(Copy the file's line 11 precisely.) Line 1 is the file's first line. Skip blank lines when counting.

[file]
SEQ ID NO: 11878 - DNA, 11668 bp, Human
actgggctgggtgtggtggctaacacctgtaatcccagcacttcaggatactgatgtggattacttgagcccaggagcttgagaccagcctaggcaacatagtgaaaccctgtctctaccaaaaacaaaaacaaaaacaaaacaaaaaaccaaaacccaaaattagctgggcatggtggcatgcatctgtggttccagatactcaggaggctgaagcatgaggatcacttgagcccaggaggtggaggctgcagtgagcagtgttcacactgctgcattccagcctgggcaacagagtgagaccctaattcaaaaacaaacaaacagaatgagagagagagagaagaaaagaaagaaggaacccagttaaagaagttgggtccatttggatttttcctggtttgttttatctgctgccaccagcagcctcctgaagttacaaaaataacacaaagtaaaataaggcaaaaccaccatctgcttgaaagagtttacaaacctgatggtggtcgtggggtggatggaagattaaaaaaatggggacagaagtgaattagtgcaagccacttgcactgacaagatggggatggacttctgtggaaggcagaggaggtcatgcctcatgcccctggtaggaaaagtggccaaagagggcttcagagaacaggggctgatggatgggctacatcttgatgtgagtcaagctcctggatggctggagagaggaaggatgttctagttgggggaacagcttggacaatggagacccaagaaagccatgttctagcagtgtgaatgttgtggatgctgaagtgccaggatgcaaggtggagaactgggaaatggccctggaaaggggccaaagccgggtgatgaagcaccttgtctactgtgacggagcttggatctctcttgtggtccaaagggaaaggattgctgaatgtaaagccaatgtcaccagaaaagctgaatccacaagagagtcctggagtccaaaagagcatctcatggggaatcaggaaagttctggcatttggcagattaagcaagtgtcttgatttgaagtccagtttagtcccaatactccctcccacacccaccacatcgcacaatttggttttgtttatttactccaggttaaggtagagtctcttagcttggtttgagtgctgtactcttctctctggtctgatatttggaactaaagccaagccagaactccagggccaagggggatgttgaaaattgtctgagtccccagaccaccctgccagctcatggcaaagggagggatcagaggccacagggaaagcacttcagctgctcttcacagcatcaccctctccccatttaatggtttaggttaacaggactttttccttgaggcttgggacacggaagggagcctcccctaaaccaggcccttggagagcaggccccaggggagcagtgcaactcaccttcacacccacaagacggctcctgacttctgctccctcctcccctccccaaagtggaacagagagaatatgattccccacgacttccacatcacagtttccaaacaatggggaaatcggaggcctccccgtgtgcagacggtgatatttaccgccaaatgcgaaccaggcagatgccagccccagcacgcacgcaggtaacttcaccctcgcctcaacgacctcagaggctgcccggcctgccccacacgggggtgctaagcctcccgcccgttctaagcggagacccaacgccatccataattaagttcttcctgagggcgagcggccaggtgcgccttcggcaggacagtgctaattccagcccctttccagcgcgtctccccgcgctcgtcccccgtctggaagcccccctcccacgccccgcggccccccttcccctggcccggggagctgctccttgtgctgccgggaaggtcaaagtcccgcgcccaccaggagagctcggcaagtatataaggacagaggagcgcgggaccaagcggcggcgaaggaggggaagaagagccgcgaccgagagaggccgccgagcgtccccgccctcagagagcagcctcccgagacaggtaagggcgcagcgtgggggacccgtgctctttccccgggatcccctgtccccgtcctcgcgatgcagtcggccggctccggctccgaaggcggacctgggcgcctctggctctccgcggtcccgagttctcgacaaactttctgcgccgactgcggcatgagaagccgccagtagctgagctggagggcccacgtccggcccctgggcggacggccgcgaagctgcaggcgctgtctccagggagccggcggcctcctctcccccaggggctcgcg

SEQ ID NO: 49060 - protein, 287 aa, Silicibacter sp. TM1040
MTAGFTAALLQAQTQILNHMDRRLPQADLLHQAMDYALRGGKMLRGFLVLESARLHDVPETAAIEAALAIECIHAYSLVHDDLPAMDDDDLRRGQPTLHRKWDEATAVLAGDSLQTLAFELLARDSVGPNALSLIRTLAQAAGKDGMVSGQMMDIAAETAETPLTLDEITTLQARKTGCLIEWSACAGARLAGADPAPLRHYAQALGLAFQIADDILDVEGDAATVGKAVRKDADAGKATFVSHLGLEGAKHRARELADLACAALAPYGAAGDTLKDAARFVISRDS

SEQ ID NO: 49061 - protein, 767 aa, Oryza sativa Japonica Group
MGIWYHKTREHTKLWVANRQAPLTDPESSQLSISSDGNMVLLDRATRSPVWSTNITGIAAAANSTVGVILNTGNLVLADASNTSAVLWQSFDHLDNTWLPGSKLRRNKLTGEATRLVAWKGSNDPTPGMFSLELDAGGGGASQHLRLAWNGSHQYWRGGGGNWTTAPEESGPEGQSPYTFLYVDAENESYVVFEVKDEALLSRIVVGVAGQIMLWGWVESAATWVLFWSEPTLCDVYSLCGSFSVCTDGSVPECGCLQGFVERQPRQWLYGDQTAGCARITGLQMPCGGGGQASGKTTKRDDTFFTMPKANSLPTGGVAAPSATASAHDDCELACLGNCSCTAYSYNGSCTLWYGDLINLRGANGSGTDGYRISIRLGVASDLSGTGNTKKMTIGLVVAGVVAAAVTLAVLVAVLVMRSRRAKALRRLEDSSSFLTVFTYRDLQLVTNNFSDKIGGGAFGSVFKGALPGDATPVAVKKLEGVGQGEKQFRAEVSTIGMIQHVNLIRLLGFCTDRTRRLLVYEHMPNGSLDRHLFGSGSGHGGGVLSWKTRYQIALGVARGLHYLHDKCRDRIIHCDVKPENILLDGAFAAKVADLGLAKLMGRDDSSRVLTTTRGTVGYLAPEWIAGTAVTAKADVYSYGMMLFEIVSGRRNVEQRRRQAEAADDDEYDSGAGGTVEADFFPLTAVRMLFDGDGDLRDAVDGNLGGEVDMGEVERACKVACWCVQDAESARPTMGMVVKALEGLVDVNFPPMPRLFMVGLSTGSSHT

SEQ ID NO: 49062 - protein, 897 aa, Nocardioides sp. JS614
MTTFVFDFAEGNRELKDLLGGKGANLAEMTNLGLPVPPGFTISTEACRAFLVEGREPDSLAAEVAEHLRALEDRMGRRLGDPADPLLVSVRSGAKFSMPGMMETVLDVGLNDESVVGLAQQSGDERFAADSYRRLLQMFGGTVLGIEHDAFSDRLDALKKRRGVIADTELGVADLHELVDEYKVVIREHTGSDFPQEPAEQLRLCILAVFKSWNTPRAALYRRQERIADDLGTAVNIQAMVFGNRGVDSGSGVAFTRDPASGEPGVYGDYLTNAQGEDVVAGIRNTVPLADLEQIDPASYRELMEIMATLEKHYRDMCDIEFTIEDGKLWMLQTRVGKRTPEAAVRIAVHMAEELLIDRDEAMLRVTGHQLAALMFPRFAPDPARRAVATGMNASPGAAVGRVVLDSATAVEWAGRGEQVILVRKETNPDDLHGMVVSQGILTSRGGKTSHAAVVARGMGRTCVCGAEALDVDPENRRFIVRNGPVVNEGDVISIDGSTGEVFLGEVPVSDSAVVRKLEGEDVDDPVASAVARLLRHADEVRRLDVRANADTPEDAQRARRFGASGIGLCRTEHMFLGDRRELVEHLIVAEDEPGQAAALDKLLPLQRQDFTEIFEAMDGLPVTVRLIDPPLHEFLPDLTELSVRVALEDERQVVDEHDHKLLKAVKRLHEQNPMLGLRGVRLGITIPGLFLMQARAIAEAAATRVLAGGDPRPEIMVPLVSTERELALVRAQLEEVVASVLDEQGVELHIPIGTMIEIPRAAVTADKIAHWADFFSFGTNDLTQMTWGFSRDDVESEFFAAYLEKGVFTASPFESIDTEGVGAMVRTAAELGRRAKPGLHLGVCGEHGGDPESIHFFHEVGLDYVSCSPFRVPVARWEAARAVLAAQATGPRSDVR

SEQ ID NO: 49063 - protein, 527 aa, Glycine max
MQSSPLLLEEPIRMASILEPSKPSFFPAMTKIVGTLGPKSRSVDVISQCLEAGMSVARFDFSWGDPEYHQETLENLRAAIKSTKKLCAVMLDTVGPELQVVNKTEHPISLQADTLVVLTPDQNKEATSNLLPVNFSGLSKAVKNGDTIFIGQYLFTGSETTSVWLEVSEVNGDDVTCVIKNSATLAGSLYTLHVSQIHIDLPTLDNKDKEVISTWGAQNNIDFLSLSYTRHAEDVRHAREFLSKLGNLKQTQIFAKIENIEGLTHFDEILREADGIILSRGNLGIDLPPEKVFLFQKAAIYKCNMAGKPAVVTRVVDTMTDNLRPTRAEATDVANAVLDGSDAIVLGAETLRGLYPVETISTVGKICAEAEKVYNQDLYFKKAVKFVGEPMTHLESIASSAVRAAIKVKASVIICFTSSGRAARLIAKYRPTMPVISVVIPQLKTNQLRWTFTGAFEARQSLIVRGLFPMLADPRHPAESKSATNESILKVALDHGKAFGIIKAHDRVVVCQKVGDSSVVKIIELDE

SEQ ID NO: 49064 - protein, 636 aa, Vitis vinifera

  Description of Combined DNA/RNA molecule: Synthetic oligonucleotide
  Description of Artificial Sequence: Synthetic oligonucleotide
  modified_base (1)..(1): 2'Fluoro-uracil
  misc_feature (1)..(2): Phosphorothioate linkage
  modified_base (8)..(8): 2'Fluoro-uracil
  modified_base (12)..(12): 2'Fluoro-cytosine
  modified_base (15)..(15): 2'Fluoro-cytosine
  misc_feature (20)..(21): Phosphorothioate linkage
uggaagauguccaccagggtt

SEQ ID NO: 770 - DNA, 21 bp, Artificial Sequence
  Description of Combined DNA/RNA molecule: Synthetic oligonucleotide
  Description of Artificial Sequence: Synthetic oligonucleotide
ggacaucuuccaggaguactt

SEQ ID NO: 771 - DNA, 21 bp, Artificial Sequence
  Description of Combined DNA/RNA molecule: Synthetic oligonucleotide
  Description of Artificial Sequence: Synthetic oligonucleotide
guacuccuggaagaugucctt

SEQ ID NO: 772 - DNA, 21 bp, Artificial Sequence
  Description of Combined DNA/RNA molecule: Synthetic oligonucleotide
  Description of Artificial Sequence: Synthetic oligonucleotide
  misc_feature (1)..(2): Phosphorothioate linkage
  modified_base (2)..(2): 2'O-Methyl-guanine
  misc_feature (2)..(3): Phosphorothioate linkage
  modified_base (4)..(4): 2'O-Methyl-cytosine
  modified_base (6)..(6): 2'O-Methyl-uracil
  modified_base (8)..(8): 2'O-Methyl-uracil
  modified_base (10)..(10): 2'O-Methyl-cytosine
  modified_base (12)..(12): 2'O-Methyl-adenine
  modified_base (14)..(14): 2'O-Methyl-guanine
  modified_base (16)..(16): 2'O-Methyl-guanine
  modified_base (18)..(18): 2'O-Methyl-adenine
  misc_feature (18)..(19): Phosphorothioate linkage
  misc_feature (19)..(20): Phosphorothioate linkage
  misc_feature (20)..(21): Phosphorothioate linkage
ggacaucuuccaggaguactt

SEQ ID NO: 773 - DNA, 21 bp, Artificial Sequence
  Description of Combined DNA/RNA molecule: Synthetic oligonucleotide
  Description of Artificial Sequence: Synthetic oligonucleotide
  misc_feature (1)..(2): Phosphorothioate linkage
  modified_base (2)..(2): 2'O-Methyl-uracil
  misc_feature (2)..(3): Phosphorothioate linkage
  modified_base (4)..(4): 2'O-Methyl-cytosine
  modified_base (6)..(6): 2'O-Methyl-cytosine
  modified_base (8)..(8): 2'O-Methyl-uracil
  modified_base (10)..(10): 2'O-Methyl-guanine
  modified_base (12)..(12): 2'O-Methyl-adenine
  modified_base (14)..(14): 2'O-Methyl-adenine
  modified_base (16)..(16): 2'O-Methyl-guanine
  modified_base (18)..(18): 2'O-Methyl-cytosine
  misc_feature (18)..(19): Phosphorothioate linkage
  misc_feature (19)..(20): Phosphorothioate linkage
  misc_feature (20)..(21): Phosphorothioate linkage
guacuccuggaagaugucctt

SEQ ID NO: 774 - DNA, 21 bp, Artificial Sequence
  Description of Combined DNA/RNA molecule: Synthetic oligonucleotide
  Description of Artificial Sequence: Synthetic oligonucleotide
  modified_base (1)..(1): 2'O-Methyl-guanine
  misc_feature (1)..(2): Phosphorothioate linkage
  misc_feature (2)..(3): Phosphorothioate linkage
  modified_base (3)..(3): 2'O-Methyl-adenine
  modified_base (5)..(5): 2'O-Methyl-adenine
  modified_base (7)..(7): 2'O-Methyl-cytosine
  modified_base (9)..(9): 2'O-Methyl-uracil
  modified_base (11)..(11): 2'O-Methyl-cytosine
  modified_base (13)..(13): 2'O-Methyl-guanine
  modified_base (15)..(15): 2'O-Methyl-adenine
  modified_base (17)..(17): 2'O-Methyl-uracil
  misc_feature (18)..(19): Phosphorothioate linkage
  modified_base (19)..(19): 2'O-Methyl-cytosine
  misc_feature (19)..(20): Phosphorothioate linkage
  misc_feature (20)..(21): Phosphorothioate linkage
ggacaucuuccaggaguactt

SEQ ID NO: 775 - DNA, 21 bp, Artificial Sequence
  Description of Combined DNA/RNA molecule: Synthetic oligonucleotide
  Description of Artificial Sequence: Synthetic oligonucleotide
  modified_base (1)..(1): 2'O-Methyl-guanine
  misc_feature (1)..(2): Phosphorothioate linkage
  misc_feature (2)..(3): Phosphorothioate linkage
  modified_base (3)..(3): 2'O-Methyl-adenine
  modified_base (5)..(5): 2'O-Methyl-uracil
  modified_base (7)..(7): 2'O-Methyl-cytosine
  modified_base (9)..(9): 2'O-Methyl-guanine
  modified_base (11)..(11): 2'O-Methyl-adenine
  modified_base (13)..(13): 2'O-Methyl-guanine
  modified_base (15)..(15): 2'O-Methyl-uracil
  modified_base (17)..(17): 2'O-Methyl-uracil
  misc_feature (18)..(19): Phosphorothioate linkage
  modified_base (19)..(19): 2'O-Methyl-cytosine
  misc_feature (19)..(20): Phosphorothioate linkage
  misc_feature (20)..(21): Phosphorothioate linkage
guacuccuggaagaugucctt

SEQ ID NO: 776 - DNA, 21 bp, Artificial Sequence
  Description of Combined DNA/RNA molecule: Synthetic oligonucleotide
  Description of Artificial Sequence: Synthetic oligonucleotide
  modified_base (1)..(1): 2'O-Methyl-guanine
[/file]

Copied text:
SEQ ID NO: 49064 - protein, 636 aa, Vitis vinifera